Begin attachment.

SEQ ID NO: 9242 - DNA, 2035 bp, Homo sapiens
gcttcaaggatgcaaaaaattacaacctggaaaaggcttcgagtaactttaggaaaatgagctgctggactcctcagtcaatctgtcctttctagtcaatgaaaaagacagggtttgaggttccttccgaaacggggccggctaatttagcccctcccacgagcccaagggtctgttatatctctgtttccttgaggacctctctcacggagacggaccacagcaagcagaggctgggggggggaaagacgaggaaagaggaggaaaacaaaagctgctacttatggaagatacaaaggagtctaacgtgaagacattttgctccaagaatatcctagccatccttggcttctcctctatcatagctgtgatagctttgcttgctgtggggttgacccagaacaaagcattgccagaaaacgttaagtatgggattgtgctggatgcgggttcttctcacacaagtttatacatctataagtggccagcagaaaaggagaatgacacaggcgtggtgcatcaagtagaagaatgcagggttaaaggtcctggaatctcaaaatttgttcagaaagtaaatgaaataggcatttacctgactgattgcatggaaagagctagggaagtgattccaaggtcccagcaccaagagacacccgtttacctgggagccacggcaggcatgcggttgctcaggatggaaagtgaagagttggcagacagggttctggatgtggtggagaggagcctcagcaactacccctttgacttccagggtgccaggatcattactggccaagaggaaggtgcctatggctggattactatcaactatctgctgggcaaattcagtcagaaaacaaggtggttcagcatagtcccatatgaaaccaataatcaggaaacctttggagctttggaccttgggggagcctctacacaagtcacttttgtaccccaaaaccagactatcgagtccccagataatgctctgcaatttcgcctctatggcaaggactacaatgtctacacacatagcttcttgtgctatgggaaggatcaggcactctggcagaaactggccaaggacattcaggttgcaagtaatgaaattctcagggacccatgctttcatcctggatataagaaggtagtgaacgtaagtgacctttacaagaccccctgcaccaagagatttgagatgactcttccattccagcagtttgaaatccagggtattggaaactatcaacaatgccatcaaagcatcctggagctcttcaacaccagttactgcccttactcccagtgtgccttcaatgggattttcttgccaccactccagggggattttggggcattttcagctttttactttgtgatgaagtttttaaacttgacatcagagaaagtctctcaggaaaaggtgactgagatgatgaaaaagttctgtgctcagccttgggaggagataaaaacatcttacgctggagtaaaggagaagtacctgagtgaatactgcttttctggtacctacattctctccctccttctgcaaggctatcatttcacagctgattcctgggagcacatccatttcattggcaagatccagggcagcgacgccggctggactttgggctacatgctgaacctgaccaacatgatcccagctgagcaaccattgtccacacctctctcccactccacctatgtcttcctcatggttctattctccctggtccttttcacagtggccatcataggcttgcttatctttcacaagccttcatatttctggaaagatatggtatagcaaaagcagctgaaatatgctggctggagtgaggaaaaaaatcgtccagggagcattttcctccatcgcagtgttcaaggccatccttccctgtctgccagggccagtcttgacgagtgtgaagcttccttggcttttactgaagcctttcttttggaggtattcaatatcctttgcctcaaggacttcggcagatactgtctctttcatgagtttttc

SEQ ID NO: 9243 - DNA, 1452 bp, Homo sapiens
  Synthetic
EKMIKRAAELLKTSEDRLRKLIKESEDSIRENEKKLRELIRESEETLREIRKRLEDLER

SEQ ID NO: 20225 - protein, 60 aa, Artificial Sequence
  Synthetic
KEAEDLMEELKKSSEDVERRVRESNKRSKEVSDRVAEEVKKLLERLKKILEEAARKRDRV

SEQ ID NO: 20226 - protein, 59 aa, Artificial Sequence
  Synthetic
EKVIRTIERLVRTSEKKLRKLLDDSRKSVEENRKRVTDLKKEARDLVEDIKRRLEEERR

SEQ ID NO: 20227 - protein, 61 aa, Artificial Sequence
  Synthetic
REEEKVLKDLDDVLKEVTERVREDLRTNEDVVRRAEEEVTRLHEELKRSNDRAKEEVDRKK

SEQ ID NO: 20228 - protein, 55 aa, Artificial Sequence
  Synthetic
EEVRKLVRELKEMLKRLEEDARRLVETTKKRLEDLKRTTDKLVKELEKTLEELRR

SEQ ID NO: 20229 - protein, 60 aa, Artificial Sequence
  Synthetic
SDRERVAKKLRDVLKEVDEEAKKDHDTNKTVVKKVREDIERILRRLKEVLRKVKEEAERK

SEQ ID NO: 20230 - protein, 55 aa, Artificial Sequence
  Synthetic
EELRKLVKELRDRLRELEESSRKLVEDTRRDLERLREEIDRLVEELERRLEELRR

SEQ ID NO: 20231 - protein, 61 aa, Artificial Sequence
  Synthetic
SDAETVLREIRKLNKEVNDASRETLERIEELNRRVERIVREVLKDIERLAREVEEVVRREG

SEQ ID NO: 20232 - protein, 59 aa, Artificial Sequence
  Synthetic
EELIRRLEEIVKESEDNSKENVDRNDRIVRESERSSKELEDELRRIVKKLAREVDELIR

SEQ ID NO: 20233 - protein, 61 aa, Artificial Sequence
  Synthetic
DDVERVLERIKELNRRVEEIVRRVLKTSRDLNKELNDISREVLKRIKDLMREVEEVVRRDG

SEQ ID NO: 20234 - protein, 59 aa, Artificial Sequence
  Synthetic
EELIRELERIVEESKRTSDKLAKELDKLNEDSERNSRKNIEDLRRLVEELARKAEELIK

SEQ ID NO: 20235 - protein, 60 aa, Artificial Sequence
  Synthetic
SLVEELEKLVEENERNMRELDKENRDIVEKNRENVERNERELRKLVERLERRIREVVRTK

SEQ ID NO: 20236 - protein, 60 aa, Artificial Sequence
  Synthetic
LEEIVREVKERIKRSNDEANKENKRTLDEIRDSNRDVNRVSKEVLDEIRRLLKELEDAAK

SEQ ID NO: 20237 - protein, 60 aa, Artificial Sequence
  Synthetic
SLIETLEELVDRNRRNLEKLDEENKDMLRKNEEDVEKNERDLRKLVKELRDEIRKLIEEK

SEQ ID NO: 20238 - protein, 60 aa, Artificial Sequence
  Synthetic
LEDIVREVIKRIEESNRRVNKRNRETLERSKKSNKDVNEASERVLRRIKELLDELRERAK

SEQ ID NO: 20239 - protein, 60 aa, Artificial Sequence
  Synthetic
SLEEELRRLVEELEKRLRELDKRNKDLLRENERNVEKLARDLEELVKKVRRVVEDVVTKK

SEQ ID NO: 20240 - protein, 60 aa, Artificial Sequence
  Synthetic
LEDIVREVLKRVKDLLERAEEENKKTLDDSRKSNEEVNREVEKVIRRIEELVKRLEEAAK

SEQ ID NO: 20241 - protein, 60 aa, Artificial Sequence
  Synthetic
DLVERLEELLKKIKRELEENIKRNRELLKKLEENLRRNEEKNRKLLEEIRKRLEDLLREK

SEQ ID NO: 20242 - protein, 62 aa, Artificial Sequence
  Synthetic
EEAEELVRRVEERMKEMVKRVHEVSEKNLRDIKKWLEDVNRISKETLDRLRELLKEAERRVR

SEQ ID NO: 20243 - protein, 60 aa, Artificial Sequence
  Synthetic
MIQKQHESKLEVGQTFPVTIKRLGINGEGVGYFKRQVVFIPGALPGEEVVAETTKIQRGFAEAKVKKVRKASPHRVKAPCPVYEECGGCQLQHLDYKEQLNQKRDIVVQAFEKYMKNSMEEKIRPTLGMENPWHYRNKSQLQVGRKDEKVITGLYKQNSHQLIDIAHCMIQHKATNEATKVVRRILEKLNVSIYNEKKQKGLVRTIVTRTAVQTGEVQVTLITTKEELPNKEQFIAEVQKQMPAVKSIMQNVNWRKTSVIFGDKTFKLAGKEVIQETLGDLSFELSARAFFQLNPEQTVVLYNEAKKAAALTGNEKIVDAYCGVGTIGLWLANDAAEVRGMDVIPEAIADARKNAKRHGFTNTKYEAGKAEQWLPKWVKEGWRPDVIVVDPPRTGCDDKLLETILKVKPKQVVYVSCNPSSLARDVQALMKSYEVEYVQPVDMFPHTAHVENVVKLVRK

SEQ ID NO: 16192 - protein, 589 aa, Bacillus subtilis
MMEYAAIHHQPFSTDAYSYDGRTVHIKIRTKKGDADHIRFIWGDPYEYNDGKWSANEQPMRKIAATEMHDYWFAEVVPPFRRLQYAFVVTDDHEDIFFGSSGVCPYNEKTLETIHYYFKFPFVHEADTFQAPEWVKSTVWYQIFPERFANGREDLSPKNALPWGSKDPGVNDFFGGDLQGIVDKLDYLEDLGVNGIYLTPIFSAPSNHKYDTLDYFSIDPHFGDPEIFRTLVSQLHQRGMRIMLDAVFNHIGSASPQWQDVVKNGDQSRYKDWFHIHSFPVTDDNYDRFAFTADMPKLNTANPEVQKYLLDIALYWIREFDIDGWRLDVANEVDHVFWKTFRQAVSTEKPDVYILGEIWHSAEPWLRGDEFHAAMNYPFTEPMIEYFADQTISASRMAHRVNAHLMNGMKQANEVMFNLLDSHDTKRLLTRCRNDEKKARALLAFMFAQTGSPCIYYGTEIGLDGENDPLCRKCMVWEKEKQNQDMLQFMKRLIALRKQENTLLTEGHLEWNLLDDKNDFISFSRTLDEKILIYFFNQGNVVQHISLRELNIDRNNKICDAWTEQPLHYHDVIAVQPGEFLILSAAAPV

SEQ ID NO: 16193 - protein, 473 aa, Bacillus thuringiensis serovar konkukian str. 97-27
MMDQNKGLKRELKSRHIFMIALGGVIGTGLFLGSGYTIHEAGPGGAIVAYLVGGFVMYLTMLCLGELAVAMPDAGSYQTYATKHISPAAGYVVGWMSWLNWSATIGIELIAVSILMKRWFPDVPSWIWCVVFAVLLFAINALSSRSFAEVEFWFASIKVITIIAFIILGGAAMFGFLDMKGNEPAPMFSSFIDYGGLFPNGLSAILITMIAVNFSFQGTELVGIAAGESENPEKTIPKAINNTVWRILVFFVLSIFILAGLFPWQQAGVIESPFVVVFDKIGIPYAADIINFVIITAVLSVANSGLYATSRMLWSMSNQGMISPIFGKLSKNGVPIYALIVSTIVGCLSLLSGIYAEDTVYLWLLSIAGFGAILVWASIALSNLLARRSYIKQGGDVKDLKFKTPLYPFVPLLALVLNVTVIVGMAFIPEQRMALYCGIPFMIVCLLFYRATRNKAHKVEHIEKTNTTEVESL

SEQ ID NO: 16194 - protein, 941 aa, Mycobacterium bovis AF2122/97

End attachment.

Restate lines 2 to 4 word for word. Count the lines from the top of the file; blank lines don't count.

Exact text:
gcttcaaggatgcaaaaaattacaacctggaaaaggcttcgagtaactttaggaaaatgagctgctggactcctcagtcaatctgtcctttctagtcaatgaaaaagacagggtttgaggttccttccgaaacggggccggctaatttagcccctcccacgagcccaagggtctgttatatctctgtttccttgaggacctctctcacggagacggaccacagcaagcagaggctgggggggggaaagacgaggaaagaggaggaaaacaaaagctgctacttatggaagatacaaaggagtctaacgtgaagacattttgctccaagaatatcctagccatccttggcttctcctctatcatagctgtgatagctttgcttgctgtggggttgacccagaacaaagcattgccagaaaacgttaagtatgggattgtgctggatgcgggttcttctcacacaagtttatacatctataagtggccagcagaaaaggagaatgacacaggcgtggtgcatcaagtagaagaatgcagggttaaaggtcctggaatctcaaaatttgttcagaaagtaaatgaaataggcatttacctgactgattgcatggaaagagctagggaagtgattccaaggtcccagcaccaagagacacccgtttacctgggagccacggcaggcatgcggttgctcaggatggaaagtgaagagttggcagacagggttctggatgtggtggagaggagcctcagcaactacccctttgacttccagggtgccaggatcattactggccaagaggaaggtgcctatggctggattactatcaactatctgctgggcaaattcagtcagaaaacaaggtggttcagcatagtcccatatgaaaccaataatcaggaaacctttggagctttggaccttgggggagcctctacacaagtcacttttgtaccccaaaaccagactatcgagtccccagataatgctctgcaatttcgcctctatggcaaggactacaatgtctacacacatagcttcttgtgctatgggaaggatcaggcactctggcagaaactggccaaggacattcaggttgcaagtaatgaaattctcagggacccatgctttcatcctggatataagaaggtagtgaacgtaagtgacctttacaagaccccctgcaccaagagatttgagatgactcttccattccagcagtttgaaatccagggtattggaaactatcaacaatgccatcaaagcatcctggagctcttcaacaccagttactgcccttactcccagtgtgccttcaatgggattttcttgccaccactccagggggattttggggcattttcagctttttactttgtgatgaagtttttaaacttgacatcagagaaagtctctcaggaaaaggtgactgagatgatgaaaaagttctgtgctcagccttgggaggagataaaaacatcttacgctggagtaaaggagaagtacctgagtgaatactgcttttctggtacctacattctctccctccttctgcaaggctatcatttcacagctgattcctgggagcacatccatttcattggcaagatccagggcagcgacgccggctggactttgggctacatgctgaacctgaccaacatgatcccagctgagcaaccattgtccacacctctctcccactccacctatgtcttcctcatggttctattctccctggtccttttcacagtggccatcataggcttgcttatctttcacaagccttcatatttctggaaagatatggtatagcaaaagcagctgaaatatgctggctggagtgaggaaaaaaatcgtccagggagcattttcctccatcgcagtgttcaaggccatccttccctgtctgccagggccagtcttgacgagtgtgaagcttccttggcttttactgaagcctttcttttggaggtattcaatatcctttgcctcaaggacttcggcagatactgtctctttcatgagtttttc

SEQ ID NO: 9243 - DNA, 1452 bp, Homo sapiens
  Synthetic